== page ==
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CRIME

Neo-Nazi ‘could have escaped but chose to die’

Neo-Nazi terrorists Uwe Mundlos and Uwe Böhnhardt could have easily escaped police last year, but chose to die instead, in another in a long line of embarrassing revelations for investigating authorities.

Neo-Nazi 'could have escaped but chose to die'
Böhnhardt (left) and Mundlos. Photo: DPA

Mundlos and Böhnhardt, members of the self-styled National Socialist Underground (NSU) terrorist cell, botched a bank robbery in Eisenach in the eastern German state of Thuringia on November 4 – and fled the crime scene on bicycles, Bild newspaper reported on Sunday.

As the pair headed for their campervan parked up in another part of town, they were listening over police radio to how the search for them was being conducted.

They could have escaped police, but instead waited almost an hour before Mundlos shot dead Böhnhardt and then himself in the campervan, the paper said.

They would have heard that the police dragnet was due to be lifted after an hour and a half, and could have escaped out onto the motorway in their van, but they did not.

Instead they waited almost an hour until the police came across them by accident, said Bild.

Mundlos and Böhnhardt, together with Beate Zschäpe are thought to have killed nine people of immigrant descent and a policewoman between 2000 and 2007, as well as robbing 14 banks.

The news that the terrorists could have escaped is a further embarrassment for the authorities, who initially assumed the string of killings were connected to organised crime, only joining the dots in 2011 when the group self-destructed and the gun used in the killings was found in their flat.

Investigators reconstructing the terrorists’ last moments said it took Mundlos just 15 seconds to shoot dead Böhnhardt, set their campervan alight and commit suicide himself.

As police approached, Mundlos climbed into the back of the vehicle and started a fire before turning the gun on himself.

Zschäpe, believed to have co-founded the terrorist cell, gave herself up to police a few days later after the incident and is currently in prison awaiting trial.

DADP/The Local/jlb

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GERMANY AND ISRAEL

Germany in talks on further payout for 1972 Olympics victims

The German government says it is in talks over further compensation for victims of the attack on the Munich Olympics, as the 50th anniversary of the atrocity approaches.

Germany in talks on further payout for 1972 Olympics victims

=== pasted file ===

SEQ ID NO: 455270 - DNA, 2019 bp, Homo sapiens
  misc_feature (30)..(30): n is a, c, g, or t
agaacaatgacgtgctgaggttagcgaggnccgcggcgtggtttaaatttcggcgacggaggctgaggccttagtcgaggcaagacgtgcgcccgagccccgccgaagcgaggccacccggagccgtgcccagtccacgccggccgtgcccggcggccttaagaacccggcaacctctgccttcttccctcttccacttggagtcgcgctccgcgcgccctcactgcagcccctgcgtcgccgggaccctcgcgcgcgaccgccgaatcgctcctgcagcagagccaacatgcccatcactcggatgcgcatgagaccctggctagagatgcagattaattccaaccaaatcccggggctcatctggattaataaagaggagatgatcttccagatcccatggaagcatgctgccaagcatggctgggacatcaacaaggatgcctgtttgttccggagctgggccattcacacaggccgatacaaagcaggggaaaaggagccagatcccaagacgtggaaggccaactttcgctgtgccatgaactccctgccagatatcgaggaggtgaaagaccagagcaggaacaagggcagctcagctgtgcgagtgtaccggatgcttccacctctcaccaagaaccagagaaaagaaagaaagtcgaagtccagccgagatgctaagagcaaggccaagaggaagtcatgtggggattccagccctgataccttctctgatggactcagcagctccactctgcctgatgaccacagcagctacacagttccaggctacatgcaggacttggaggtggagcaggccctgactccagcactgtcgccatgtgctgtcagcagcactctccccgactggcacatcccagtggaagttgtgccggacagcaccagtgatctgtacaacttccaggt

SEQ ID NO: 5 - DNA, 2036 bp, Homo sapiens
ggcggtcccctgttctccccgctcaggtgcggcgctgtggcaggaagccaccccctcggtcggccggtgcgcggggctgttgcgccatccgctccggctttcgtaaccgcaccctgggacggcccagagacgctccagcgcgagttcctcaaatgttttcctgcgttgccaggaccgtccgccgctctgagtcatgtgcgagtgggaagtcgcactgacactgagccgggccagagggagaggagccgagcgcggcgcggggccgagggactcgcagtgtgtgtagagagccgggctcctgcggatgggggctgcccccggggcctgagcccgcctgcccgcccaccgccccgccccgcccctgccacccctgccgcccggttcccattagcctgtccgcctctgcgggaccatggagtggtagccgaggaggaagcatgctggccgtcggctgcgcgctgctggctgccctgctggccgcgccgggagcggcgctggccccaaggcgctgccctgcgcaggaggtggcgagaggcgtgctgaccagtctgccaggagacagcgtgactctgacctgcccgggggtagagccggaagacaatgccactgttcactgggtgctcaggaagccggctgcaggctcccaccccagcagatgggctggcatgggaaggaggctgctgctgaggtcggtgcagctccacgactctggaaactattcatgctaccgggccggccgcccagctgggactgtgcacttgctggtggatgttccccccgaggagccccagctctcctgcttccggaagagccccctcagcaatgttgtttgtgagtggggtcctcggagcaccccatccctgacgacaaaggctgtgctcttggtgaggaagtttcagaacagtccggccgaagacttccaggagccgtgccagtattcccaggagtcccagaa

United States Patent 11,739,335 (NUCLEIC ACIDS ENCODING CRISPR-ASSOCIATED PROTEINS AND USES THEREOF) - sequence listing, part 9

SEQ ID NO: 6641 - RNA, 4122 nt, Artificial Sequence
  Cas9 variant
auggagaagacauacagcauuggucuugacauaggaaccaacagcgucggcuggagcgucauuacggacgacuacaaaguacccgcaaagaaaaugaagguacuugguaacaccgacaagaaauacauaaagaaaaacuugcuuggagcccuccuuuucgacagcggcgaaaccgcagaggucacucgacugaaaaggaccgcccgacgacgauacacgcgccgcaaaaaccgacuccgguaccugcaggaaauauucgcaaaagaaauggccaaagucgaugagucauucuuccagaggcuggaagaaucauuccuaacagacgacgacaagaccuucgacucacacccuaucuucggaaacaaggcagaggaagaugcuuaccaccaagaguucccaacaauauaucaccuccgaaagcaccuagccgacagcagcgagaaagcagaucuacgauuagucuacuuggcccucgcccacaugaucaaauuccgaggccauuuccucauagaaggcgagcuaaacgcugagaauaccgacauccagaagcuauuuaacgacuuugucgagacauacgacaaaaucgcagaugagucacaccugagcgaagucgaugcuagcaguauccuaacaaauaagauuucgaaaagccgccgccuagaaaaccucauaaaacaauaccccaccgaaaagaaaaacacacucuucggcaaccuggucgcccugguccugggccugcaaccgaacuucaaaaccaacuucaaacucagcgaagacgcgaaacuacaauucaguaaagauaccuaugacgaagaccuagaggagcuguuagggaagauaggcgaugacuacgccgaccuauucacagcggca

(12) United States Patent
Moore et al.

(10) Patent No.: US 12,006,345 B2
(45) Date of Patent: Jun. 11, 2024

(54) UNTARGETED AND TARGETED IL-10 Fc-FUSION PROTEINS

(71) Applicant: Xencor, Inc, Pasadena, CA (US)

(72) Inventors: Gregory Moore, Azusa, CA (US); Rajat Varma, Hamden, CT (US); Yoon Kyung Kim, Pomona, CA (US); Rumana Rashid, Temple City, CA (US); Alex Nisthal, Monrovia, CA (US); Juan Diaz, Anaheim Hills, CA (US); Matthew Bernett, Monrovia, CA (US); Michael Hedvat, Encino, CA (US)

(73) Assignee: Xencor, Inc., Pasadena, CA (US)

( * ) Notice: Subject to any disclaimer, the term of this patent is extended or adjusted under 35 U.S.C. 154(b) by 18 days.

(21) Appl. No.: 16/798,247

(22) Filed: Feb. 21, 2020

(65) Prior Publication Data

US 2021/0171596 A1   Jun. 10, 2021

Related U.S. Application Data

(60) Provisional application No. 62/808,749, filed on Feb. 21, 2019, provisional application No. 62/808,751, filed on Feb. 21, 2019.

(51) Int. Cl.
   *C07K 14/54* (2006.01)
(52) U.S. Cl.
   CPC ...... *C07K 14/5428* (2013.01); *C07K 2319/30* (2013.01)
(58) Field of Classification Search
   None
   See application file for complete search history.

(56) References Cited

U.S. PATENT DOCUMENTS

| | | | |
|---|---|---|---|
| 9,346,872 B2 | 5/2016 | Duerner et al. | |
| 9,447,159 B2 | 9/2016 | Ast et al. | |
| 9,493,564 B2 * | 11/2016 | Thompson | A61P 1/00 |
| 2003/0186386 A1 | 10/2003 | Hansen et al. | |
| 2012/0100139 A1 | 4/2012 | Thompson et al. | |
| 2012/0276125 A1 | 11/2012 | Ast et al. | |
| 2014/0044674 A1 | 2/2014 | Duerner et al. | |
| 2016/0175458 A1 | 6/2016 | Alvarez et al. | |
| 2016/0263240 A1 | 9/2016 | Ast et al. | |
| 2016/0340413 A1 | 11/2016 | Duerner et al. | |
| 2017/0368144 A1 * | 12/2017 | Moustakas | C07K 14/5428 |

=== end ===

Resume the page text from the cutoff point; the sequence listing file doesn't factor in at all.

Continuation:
Ahead of the commemoration in September, relatives of the Israelis killed have indicated they are unhappy with what Germany is offering.

“Conversations based on trust are taking place with representatives of the victims’ families,” a German interior ministry spokesman told AFP when asked about the negotiations.

He did not specify who would benefit or how much money had been earmarked, saying only that any package would “again” be financed by the federal government, the state of Bavaria and the city of Munich.

On September 5th, 1972, eight gunmen broke into the Israeli team’s flat at the Olympic village, shooting dead two and taking nine Israelis hostage, threatening to kill them unless 232 Palestinian prisoners were released.

West German police responded with a bungled rescue operation in which all nine hostages were killed, along with five of the eight hostage-takers and a police officer.

An armed police officer in a tracksuit secures the block where terrorists  held Israeli hostages at the Olympic Village in Munich on 5th September 1972.

An armed police officer in a tracksuit secures the block where terrorists held Israeli hostages at the Olympic Village in Munich on 5th September 1972. Photo: picture alliance / dpa | Horst Ossingert

The spokeswoman for the victims’ families, Ankie Spitzer, told the German media group RND that the amount currently on the table was “insulting” and threatened a boycott of this year’s commemorations.

She said Berlin was offering a total of €10 million including around €4.5 million already provided in compensation between 1972 and 2002 — an amount she said did not correspond to international standards. 

“We are angry and disappointed,” said Spitzer, the widow of fencing coach Andre Spitzer who was killed in the attack. “We never wanted to talk publicly about money but now we are forced to.”

RND reported that the German and Israeli governments would like to see an accord by August 15th.

The interior ministry spokesman said that beyond compensation, Germany intended to use the anniversary for fresh “historical appraisal, remembrance and recognition”.

He said this would include the formation of a commission of German and Israeli historians to “comprehensively” establish what happened “from the perspective of the year 2022”.

This would lead to “an offer of further acts of acknowledgement of the relatives of the victims of the attack” and the “grave consequences” they suffered.

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